Do you often wonder if you're using dashes properly? Dashes have distinct uses that often seem blurred in today's society. Here's what's best for writers and those involved in business writing. Q. When do I use a dash in text? A. A dash usually replaces a comma, semicolon, colon, or parentheses. When used this way, it creates an EMPHATIC separation of words. Since a dash is versatile, people tend to use it to punctuate almost any break in a sentence. Don't. It's best used for EFFECT. And experts say we should never type a single hyphen to represent a "double" dash (em dash). Author Amy Einsohn says, "The dash is best reserved for special effects: to prepare readers for a punchline or a U-turn." The Chicago Manual of Style says, "A dash or a pair of dashes is used to denote a sudden break in thought that causes an abrupt change in sentence structure." Professor Charles Darling suggests thinking of dashes as "super commas." There are four kinds of dashes: em, en, two-em, and three-em. EM DASH Generally, if you see the word "dash," the writer means em dash. Most word processing programs give us access to em dashes (the width of a capital "m"). If you don't have software that has this special character, type two hyphens with no spaces between the words on either side and the dashes, or do one of the following: Keyboard stroke: If you use Windows, hold down the Alt key and type 0151 on the keypad. To make this autocorrect in Word for Windows: Go to Menu bar / Tools / click AutoCorrect. In the "Replace" box, type two hyphens. In the "With" box, press Alt + 0151 to create an em-dash, and then click Add. Close. If you use a Mac and Word, try typing two hyphens. Word should automatically convert them into an em-dash. If not, try this: Go to Menu bar / Tools / click AutoCorrect. In the "Replace" box, type two hyphens. In the "With" box, press OPTION+SHIFT+- (hyphen) to create an em-dash, and then click Add. Close. Regardless of whether you use an "em" dash or two hyphens, don't leave any space before or after the dash. EN DASH Use an "en" dash to connect numbers in a range. It means "up to and including" when used like this: "During the years 1998-1999," and "...people aged 55-63." If you don't have access to an "en" dash, use a hyphen. If you use Windows, hold down the Alt key and type 0150 on the keypad. TWO-EM DASH Used to indicate that letters are missing from a word. If you don't have access to this dash, type four consecutive hyphens with no spaces between. If letters are missing from within a word, leave no space before or after the two-em dash. If the letters are missing at the end of a word, leave no space before it, but leave one space after, unless punctuation is required. Examples: * Mrs. Birming---- chose to remain anonymous. * The diagnosis was made by Dr. Boy----. Note: You can type a two-em dash by using the keystrokes one after the other with no space between them. THREE-EM DASH Used to indicate that an entire word has been left out or needs to be provided. If you don't have the character for the three-em dash, type six consecutive hyphens. You can type a three-em dash by using the keystrokes three times with no space between them. Because this dash represents a complete word, leave a space before and after unless punctuation is needed. Three em-dashes are generally also used in bibliographies to represent an author's name in subsequent entries, once the author's full name has been given. NOTE: These rules aren't written on stone. Many documents you'll type do not require using the various dashes. But when you're typing manuscripts, print newsletters, special reports, or anything that requires good typography, use them as described above. If nothing else sticks, make sure you always use two hyphens when you can't create an em dash. You'll find more information on dashes at: References Used: * The Chicago Manual of Style, 14th Edition ISBN 0-226-10389-7 * The Copyeditor's Handbook, Amy Einsohn ISBN 0-520-21835-3 * The Gregg Reference Manual, Ninth Edition ISBN 0-02-804046-5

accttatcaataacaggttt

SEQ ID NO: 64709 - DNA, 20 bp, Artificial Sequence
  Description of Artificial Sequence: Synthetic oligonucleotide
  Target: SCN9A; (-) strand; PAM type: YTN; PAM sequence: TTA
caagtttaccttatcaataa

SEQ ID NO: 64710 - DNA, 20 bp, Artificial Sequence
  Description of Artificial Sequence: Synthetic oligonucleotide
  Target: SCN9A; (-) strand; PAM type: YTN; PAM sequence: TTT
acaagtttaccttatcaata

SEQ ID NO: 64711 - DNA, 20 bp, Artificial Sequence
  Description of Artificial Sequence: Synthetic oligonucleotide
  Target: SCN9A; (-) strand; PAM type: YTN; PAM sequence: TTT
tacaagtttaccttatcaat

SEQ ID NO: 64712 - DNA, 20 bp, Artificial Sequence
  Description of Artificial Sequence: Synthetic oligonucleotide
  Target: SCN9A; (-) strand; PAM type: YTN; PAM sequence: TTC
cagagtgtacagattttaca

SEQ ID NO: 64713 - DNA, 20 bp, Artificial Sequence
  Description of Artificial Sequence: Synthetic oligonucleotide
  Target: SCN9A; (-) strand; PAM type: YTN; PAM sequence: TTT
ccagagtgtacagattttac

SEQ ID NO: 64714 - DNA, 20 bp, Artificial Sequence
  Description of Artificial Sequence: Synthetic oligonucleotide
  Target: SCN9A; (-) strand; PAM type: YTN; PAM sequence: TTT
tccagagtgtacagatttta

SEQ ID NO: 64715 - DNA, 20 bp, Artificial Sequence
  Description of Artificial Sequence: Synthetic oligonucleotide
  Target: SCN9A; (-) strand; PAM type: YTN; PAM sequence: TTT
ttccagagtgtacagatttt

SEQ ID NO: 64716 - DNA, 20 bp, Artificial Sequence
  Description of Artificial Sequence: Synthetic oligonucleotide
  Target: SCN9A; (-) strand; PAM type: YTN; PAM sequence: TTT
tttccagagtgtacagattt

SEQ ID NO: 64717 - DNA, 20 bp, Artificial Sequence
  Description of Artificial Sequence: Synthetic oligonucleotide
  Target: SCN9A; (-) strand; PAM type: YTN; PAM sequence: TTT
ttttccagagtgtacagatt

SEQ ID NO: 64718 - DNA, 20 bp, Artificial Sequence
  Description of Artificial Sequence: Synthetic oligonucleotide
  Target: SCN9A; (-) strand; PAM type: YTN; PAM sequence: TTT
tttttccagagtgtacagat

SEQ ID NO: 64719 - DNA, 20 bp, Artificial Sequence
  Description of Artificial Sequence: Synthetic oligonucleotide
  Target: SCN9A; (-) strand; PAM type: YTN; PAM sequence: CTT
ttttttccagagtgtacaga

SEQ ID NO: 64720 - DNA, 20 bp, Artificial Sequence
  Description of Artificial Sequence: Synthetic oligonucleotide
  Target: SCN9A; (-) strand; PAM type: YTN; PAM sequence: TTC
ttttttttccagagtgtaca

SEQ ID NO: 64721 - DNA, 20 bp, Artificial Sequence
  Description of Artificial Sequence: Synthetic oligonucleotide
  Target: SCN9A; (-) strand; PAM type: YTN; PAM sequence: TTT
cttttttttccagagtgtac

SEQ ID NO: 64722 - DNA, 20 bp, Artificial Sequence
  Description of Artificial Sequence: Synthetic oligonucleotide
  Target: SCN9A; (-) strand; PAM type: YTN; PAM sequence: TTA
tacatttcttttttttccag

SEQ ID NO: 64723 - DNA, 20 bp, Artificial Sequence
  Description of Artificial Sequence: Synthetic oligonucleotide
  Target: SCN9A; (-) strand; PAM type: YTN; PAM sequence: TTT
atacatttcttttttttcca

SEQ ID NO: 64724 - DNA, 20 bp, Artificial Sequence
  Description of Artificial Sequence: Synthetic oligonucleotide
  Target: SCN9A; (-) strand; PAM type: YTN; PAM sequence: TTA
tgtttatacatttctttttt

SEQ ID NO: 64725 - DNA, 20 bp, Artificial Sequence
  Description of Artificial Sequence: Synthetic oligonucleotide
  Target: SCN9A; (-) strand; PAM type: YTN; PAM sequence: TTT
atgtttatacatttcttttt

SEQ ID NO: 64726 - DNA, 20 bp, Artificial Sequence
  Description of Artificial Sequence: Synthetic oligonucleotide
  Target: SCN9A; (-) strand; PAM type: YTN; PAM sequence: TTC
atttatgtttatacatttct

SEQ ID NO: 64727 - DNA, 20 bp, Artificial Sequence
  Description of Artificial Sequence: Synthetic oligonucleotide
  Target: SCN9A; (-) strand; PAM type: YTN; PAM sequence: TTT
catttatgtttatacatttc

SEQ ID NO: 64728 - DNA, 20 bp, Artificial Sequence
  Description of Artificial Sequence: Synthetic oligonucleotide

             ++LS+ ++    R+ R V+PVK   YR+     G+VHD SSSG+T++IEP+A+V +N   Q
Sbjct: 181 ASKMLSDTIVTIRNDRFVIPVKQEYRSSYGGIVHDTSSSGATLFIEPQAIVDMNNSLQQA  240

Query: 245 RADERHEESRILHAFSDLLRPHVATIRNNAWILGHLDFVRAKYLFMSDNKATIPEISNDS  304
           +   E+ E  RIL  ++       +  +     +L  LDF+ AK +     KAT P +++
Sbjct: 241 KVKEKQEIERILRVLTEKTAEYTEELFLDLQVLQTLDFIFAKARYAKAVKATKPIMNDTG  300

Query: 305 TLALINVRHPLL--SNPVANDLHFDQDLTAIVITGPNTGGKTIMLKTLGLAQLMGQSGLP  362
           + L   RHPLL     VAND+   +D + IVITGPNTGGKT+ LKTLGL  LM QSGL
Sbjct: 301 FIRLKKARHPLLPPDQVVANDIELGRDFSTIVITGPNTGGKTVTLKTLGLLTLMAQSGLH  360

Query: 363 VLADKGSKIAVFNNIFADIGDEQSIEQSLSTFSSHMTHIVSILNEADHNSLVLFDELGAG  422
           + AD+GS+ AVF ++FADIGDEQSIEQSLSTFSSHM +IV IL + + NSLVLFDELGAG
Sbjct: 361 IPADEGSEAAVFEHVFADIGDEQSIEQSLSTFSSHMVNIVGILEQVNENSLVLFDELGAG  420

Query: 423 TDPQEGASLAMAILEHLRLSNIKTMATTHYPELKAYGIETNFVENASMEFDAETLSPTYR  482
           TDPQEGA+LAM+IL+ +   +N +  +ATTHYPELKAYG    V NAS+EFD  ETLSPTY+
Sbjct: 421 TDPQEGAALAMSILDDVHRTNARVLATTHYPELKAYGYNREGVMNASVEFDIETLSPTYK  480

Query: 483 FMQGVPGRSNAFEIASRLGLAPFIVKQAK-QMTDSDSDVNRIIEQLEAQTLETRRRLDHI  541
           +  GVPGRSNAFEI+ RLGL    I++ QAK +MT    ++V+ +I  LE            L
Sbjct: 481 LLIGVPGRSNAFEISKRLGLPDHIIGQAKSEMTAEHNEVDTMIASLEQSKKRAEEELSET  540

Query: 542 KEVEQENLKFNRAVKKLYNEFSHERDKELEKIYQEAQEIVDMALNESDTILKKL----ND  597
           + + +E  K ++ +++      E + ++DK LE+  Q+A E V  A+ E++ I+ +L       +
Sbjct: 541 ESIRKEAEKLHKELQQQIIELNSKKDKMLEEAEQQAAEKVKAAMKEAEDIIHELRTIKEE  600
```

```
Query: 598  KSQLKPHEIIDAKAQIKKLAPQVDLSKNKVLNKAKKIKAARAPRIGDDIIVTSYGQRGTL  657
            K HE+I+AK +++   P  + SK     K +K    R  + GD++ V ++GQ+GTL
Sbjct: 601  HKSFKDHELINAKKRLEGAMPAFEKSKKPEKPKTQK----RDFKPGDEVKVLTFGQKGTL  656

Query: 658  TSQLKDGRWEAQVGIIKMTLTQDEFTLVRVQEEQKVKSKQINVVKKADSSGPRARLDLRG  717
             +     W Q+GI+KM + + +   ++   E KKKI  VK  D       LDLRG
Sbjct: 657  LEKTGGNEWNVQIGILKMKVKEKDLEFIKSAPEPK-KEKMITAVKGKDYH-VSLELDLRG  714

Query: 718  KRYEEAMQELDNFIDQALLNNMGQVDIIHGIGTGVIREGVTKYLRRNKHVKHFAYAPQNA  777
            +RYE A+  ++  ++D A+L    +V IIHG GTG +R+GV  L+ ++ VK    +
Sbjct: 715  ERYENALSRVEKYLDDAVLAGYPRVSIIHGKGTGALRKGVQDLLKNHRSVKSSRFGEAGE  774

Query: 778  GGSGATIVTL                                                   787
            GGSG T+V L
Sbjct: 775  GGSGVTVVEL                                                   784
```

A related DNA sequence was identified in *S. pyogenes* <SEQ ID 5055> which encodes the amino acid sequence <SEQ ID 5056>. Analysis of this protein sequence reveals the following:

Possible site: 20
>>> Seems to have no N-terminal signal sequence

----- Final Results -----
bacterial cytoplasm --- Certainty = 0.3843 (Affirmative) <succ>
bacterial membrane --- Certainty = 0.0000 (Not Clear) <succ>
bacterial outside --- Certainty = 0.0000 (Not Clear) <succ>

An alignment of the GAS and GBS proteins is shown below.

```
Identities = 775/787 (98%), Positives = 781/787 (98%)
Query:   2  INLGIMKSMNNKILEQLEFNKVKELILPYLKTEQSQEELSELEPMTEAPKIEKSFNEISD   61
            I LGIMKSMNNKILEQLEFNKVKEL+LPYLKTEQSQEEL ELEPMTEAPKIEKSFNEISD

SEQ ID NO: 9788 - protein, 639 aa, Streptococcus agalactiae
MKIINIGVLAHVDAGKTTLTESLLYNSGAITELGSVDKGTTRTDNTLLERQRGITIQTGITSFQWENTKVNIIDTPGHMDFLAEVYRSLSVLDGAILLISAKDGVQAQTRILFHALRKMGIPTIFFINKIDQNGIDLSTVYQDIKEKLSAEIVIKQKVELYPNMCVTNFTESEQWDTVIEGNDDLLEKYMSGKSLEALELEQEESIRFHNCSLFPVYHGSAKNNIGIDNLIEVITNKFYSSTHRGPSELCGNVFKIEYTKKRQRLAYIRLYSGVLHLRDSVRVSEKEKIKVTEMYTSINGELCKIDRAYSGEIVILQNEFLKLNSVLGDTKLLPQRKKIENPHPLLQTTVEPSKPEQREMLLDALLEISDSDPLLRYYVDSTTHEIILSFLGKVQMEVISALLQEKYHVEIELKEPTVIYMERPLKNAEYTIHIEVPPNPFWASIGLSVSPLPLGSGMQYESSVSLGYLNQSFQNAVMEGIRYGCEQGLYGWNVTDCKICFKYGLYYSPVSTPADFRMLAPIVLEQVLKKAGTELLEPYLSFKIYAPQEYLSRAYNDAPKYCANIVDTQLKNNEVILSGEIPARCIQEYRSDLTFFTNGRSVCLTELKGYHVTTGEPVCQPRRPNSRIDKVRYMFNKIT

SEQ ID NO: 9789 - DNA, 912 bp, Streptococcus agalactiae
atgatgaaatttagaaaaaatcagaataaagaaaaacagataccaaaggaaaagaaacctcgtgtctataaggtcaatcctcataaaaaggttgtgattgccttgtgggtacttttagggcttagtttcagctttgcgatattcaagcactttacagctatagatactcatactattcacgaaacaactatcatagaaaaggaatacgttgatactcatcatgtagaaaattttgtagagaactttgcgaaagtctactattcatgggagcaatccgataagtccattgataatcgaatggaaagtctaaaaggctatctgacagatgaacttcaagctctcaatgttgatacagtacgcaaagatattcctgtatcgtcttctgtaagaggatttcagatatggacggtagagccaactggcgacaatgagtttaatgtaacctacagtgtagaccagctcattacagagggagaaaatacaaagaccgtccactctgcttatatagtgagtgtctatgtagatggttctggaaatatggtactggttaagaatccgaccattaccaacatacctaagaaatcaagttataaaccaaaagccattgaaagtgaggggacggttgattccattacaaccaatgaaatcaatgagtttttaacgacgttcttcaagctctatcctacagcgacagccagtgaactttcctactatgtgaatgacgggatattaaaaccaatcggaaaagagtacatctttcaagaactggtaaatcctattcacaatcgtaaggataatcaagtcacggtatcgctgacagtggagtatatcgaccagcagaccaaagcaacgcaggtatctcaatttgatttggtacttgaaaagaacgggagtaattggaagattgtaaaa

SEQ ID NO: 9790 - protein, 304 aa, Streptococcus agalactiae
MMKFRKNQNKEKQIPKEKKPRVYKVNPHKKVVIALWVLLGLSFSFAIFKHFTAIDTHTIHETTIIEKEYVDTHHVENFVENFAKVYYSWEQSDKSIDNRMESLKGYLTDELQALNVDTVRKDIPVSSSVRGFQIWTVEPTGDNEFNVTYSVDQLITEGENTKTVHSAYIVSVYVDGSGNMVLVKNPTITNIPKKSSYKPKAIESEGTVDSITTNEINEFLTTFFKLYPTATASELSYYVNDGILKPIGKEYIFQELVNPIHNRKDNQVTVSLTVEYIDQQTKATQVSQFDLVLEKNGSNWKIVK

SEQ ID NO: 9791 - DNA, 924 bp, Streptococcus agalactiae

Archives for March 2010